Bill to Accelerate the Ban of NYC’s Dirtiest Heating Oil

Last Monday, New York City Council heard testimony from our New York City Program Manager, Adriana Espinoza, on a bill to accelerate the phasing out of the dirtiest heating oil currently legal to burn in New York, No. 4 heating oil. Though No. 4 oil is currently set to be completely phased out in 2030, Intro 1165 would push the ban forward to 2025. Currently, No. 4 heating oil is burned in thousands of buildings and a few power plants  around the city, though most buildings have already switched to No. 2, a cleaner option.

The emissions released from burning No. 4 oil- particulate matter, Nitrous Oxides, and Sulfur Dioxide- are all correlated with increased rates of respiratory illnesses like bronchitis and asthma, cardiovascular disease, and death. Nickel, Sulfur, and other impurities in the oil do not burn completely, meaning they are expelled into the air during No. 4 oil combustion. Since No. 4 oil is disproportionately burned in areas of lower socioeconomic status, No. 4 oil combustion is also an environmental injustice issue.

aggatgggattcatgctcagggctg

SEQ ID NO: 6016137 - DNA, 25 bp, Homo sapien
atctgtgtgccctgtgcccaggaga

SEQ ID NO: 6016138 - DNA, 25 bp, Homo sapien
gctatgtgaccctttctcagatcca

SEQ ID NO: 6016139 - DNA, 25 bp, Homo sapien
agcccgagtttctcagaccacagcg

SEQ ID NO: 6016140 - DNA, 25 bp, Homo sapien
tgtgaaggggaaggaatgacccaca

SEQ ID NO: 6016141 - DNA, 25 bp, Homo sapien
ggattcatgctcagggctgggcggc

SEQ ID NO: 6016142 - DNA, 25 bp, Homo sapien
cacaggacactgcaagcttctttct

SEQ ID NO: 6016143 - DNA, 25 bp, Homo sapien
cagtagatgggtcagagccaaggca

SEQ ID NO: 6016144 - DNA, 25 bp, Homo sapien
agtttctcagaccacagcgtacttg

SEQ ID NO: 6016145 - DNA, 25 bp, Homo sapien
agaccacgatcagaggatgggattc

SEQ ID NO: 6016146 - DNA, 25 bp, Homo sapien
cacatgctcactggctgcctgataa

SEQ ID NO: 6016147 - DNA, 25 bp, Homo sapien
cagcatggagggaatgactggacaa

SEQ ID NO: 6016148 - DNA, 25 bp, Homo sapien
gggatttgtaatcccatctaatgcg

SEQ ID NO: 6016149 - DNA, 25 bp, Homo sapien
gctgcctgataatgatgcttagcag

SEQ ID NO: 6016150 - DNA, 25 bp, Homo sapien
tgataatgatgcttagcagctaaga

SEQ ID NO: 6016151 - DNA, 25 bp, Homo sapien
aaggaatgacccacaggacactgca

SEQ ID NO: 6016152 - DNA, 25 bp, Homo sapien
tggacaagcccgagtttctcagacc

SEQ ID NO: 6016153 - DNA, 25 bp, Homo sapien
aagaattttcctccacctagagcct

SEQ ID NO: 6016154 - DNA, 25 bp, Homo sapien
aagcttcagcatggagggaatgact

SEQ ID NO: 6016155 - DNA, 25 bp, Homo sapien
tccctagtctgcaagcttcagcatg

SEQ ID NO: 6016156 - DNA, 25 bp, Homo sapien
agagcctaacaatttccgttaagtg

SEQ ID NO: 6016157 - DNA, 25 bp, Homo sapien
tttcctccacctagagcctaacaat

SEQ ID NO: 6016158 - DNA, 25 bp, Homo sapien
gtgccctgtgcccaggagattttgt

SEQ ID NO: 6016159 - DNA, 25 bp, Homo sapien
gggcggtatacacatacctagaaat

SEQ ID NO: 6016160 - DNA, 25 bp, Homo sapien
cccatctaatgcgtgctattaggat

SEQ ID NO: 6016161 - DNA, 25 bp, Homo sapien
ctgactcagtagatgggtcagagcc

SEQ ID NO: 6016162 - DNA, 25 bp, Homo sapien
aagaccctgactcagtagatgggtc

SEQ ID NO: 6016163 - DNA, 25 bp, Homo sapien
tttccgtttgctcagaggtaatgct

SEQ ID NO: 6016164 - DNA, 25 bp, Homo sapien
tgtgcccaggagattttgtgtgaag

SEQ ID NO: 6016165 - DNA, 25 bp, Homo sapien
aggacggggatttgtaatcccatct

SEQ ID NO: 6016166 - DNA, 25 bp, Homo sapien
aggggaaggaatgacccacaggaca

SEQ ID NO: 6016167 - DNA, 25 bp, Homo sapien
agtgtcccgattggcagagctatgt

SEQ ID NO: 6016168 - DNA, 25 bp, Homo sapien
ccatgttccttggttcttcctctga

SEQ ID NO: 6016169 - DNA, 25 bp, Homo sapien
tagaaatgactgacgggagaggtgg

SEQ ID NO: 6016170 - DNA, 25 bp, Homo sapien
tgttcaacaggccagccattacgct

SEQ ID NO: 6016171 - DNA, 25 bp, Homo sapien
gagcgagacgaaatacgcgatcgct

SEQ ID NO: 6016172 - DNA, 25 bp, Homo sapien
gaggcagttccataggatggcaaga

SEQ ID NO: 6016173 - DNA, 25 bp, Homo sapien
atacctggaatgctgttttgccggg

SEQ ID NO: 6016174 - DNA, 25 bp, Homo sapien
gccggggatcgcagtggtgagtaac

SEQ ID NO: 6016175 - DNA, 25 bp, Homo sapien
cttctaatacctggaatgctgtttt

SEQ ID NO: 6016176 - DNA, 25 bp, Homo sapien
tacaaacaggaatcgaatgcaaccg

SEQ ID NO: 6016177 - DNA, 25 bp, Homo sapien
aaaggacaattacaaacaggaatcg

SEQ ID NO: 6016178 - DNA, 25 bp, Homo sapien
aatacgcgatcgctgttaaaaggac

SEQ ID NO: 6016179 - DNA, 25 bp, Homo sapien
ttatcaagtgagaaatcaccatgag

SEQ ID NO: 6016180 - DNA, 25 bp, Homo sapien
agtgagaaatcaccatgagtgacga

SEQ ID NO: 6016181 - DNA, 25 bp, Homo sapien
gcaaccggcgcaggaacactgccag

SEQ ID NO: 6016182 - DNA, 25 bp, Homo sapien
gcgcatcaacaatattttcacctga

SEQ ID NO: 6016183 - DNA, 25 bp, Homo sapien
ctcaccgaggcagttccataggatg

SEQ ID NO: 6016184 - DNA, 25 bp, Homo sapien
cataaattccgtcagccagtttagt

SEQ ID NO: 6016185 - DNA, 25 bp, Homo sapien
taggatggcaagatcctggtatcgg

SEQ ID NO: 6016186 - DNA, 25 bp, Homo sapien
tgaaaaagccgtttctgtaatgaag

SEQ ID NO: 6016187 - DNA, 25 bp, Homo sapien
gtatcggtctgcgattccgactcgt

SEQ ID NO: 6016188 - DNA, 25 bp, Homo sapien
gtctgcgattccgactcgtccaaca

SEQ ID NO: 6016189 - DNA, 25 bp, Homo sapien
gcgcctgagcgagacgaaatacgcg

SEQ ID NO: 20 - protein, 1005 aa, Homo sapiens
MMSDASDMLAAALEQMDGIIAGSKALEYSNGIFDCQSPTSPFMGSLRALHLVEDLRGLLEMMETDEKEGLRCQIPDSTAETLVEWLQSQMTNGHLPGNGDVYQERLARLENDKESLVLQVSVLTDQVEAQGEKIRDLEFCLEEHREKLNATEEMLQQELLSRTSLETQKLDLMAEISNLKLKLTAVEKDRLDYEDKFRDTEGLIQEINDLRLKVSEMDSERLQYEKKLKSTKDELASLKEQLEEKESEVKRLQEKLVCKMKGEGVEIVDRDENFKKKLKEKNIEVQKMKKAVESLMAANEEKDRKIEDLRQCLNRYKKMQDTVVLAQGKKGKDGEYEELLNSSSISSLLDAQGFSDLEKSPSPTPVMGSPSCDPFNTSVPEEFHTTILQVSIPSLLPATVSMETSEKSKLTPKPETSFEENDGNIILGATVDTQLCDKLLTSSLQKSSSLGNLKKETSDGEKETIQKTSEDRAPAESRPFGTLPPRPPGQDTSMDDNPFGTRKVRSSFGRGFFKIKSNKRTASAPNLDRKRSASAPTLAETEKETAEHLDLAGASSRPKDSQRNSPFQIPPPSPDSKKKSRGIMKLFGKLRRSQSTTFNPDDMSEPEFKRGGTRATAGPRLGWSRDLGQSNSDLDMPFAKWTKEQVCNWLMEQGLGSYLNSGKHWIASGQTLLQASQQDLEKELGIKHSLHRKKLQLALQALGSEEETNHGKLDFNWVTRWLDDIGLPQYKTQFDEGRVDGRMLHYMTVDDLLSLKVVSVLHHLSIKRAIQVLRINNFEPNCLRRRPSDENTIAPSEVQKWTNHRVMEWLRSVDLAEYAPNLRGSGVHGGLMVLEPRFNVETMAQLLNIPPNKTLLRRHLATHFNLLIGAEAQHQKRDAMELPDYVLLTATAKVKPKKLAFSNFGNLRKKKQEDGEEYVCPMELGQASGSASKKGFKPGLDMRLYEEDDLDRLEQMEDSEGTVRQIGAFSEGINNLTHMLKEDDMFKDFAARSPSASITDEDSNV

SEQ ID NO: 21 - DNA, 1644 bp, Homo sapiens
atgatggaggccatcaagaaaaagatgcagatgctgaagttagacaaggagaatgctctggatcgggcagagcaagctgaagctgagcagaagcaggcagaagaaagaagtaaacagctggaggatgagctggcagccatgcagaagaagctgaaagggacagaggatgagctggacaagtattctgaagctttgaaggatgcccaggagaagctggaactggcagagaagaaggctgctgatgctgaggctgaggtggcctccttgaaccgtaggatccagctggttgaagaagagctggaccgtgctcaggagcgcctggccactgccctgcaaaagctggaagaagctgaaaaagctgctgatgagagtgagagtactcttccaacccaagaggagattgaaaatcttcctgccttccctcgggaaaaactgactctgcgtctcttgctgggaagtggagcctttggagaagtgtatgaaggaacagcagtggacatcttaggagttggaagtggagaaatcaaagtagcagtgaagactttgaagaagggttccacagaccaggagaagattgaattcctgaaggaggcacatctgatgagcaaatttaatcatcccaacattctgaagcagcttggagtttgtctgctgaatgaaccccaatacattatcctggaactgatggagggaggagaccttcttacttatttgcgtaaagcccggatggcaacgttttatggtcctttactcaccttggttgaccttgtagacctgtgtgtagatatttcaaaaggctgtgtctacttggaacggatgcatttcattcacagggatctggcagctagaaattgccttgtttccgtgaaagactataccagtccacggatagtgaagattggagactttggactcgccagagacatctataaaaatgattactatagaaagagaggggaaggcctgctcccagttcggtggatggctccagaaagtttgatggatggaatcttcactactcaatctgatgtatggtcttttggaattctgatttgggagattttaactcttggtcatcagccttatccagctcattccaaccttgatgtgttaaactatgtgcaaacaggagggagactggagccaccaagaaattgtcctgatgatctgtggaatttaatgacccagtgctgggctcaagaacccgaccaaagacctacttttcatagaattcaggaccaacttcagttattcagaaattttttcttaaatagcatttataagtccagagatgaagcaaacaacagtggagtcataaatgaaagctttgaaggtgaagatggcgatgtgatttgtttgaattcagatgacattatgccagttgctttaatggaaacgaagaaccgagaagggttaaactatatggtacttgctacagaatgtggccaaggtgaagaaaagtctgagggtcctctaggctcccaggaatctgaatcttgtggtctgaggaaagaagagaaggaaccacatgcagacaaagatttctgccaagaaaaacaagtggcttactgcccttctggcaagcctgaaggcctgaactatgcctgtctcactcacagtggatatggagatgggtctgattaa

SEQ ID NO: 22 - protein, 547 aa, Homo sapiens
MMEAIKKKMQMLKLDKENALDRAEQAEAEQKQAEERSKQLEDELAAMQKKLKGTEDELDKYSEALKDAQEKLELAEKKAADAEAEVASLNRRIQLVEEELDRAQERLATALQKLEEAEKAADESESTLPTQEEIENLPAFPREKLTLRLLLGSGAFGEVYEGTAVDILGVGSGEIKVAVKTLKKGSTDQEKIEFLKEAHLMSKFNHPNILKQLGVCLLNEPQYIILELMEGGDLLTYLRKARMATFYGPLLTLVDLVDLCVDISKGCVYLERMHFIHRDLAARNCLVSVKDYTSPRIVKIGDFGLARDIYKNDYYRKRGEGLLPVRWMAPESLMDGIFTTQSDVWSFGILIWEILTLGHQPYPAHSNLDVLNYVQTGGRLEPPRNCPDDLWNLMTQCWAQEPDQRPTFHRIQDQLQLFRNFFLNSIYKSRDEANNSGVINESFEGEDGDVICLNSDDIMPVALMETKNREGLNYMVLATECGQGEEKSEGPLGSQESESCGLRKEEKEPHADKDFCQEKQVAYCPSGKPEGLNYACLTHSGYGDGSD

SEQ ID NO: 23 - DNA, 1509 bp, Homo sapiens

Six percent of deaths in NYC are related to air pollution. Each year, air pollution causes thousands of hospital admissions and emergency room visits, especially of children, who are particularly susceptible to respiratory complications. No. 2 heating oil is a cleaner option: According to the Environmental Defense Fund, replacing No. 4 with No. 2 cuts particulate matter emissions by 90%, Nitrous Oxide emissions by 10%, and Sulfur Dioxide emissions by 68%. Additionally, the bill would cut buildings’ greenhouse gas emissions; buildings currently account for over half of all NYC greenhouse gas emissions.

City Council has not yet voted on this legislation. The mayor office has not taken a stance on the bill, and some stakeholders oppose the bill. Con Edison is prepared to meet the demands of the bill, if passed, but claims it will have to pass the costs onto its customers. Eastern Generation LLC, a power company with several plants in NYC, opposes the bill, as it would have to bear costs itself. That being said, most buildings in the city have already switched to No. 2 and experienced reduced maintenance costs by burning the cleaner oil. At this point, we are pushing the bill to be voted out of committee to face a full vote in Council. If passed, the five year phase-out acceleration would spare hundreds of deaths and thousands of emergency room visits.